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Top SoftBank exec steps back from role at Vision Fund as pressure mounts on investments

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Rajeev Misra will step down from his role as CEO of SoftBank Global Advisors, which manages the Vision Fund 2. It comes as pressure mounts on SoftBank’s investment strategy amid a string of bad bets and a crash in technology stocks this year.

Patrick T. Fallon | Bloomberg | Getty Images

Rajeev Misra, who runs SoftBank’s massive tech investing unit, will step back from one of his roles, the Japanese conglomerate confirmed to CNBC on Thursday.

Misra will build an external multi-asset investment fund.

He will remain the CEO of SoftBank Investment Advisors, the entity responsible for the $100 billion Vision Fund which has taken high-profile bets on companies from Uber to Chinese ride-hailing giant DiDi. Vision Fund one was founded in 2017.

Misra will also remain executive vice president of SoftBank Group, the parent company.

However, the executive will step down from his role as CEO of SoftBank Global Advisors which manages the second Vision Fund, called Vision Fund 2. Instead, he will become vice chairman and take on a reduced role. SoftBank’s Vision Fund 2 was founded in 2019.

But SoftBank’s investment strategy has come under heavy criticism and pressure amid a string of bad bets and a crash in technology stocks this year.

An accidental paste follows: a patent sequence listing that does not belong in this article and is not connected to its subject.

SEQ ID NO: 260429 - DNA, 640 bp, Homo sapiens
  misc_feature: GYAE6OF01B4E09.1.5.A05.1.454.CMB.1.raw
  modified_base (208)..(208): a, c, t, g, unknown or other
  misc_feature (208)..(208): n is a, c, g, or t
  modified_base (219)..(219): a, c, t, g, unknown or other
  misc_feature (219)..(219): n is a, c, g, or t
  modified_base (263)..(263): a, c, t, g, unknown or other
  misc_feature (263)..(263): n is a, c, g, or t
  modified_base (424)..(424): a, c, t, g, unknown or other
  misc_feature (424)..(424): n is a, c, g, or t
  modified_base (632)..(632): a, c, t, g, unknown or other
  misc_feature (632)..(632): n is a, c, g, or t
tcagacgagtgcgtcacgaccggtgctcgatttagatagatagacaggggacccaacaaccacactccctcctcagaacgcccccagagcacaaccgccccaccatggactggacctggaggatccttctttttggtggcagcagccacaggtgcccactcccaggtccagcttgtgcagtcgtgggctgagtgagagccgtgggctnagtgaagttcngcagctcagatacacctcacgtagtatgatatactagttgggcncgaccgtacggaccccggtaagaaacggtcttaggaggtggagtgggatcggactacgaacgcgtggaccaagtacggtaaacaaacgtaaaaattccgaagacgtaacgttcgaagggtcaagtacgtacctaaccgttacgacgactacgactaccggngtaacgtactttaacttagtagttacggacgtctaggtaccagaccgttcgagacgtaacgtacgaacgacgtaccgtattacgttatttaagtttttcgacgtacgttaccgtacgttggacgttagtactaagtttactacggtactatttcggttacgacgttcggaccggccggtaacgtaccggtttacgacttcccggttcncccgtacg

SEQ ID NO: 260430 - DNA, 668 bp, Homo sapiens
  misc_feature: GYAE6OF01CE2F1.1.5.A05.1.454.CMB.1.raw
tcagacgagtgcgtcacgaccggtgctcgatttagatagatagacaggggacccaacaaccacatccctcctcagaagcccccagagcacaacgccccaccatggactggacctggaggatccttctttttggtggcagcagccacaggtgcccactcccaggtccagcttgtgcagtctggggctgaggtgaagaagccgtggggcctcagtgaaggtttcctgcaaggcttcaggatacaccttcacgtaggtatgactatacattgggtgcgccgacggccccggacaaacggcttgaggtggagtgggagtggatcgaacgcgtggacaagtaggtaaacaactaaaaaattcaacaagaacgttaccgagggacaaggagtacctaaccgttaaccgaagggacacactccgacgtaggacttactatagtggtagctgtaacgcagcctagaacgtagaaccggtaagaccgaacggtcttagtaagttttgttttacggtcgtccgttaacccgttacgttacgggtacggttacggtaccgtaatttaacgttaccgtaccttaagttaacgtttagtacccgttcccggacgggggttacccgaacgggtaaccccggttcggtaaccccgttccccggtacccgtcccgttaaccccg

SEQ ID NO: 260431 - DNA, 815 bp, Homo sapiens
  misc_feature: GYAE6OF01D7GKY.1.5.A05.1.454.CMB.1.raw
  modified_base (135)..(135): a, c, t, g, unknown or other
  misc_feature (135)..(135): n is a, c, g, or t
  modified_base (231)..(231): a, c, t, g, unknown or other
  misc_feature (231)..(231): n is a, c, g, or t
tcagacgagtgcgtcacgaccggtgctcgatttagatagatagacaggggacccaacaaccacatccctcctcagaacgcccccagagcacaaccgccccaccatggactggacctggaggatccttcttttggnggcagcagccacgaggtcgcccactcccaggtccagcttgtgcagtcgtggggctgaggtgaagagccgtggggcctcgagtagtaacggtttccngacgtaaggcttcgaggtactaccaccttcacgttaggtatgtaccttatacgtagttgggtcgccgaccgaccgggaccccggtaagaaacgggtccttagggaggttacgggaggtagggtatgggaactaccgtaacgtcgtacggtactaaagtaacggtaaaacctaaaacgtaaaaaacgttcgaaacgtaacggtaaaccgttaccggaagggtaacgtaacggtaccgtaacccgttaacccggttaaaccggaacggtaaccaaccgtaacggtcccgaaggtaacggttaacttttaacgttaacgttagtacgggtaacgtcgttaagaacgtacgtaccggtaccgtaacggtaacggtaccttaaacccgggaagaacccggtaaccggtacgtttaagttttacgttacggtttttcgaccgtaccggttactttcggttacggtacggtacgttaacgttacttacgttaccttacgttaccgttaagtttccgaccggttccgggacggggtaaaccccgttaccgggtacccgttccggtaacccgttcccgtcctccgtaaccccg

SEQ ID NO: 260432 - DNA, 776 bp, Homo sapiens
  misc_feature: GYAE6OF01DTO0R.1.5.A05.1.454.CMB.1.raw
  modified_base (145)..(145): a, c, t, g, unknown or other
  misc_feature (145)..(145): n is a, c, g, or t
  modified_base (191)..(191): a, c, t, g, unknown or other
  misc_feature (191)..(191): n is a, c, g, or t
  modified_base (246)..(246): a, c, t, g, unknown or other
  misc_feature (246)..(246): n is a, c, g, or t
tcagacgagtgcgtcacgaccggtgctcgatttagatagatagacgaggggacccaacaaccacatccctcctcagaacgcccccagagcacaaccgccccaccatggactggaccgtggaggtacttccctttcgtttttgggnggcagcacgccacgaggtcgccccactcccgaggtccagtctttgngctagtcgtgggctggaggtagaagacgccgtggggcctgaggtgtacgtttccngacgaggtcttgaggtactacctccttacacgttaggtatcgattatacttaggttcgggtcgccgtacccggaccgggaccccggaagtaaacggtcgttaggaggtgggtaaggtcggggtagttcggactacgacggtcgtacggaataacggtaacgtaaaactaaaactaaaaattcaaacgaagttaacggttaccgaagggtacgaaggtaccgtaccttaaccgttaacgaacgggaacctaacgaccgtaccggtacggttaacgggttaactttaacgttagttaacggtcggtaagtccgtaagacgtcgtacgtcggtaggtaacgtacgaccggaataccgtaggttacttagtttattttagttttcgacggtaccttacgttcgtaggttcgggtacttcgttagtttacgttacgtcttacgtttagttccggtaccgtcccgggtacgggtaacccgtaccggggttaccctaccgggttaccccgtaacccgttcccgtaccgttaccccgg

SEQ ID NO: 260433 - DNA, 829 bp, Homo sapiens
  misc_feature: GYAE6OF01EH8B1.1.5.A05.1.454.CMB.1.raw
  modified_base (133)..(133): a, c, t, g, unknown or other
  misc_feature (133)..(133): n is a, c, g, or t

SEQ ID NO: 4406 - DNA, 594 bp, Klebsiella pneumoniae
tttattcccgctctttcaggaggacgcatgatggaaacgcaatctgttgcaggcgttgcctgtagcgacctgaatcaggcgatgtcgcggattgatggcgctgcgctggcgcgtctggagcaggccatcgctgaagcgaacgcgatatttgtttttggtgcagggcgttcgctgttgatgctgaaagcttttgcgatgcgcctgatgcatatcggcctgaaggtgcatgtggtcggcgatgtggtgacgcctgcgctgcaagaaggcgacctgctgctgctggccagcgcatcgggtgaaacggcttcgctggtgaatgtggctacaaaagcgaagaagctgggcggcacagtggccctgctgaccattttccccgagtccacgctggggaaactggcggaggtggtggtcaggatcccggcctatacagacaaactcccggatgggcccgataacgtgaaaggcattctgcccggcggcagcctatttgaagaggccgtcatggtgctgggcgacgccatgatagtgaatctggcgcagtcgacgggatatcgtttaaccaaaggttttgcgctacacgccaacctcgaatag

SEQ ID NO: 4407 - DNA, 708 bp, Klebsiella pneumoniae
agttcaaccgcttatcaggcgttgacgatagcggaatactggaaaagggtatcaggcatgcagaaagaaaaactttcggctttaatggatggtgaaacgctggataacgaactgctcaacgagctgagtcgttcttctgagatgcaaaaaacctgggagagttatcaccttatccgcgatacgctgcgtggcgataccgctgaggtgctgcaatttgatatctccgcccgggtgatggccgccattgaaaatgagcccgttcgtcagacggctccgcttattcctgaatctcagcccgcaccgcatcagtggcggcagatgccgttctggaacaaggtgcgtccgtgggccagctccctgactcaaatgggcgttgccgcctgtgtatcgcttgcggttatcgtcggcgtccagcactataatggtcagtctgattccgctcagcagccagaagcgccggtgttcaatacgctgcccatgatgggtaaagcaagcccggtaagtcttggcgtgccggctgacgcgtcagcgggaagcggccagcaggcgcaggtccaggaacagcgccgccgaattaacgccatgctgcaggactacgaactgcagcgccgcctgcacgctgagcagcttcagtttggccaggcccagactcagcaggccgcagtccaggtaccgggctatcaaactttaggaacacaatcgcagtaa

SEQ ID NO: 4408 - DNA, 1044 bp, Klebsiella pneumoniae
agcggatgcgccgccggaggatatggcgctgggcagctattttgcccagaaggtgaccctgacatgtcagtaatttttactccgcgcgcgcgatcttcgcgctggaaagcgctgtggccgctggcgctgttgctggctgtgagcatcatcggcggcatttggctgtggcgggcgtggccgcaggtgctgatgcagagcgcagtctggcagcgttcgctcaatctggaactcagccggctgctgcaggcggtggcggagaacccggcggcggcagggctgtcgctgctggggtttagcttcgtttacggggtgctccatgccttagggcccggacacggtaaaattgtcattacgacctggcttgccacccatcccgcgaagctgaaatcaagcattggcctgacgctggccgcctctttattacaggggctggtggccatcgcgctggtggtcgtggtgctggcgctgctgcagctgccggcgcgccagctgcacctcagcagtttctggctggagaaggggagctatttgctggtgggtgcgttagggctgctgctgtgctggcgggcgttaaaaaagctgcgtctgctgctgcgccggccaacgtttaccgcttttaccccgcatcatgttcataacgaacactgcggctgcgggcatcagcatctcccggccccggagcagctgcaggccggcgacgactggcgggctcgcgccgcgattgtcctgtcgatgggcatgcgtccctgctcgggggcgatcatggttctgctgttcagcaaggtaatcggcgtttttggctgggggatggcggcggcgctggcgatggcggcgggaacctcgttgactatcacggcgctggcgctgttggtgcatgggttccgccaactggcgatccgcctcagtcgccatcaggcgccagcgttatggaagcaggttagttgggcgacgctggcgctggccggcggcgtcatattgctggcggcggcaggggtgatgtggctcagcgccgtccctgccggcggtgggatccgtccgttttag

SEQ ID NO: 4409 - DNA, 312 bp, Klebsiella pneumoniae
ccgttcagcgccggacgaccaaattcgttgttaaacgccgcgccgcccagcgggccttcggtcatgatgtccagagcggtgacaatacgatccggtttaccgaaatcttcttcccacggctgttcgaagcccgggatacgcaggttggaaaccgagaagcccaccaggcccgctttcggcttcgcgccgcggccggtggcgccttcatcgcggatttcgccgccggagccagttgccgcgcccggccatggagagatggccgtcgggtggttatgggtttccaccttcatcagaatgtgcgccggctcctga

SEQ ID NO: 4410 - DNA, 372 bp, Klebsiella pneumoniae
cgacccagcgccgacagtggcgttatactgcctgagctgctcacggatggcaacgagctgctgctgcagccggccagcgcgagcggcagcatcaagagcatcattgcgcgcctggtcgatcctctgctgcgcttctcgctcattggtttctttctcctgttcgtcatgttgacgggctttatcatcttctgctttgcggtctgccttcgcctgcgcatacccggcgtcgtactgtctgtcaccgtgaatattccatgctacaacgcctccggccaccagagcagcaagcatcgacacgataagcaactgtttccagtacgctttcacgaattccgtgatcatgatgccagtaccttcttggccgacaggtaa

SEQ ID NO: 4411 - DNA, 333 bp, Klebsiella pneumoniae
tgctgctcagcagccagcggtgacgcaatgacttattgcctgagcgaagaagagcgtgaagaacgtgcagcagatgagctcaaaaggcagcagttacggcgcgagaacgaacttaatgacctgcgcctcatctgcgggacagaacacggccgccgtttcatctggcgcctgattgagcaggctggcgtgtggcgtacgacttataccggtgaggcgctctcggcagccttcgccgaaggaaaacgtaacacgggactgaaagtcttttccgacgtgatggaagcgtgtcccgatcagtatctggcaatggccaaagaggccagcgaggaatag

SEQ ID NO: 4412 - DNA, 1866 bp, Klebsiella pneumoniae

One of the most high-profile issues came with co-working space company WeWork which failed to go public in 2019 after concerns were raised about its business model and corporate governance. WeWork eventually went public last year via a special purpose acquisition company.

SoftBank’s Vision Fund posted a record 3.5 trillion yen loss ($25.7 billion) for its financial year ended Mar. 31 as technology stocks continued to get hammered.

The Japanese giant’s outspoken founder Masayoshi Son will take a more direct leadership role with Vision Fund 2, supported by the existing executive team.

The Financial Times reported on Thursday that Misra’s new fund will be about $6 billion and be backed by Abu Dhabi’s state investment funds Mubadala and ADQ, as well as Royal Group.

Source: CNBC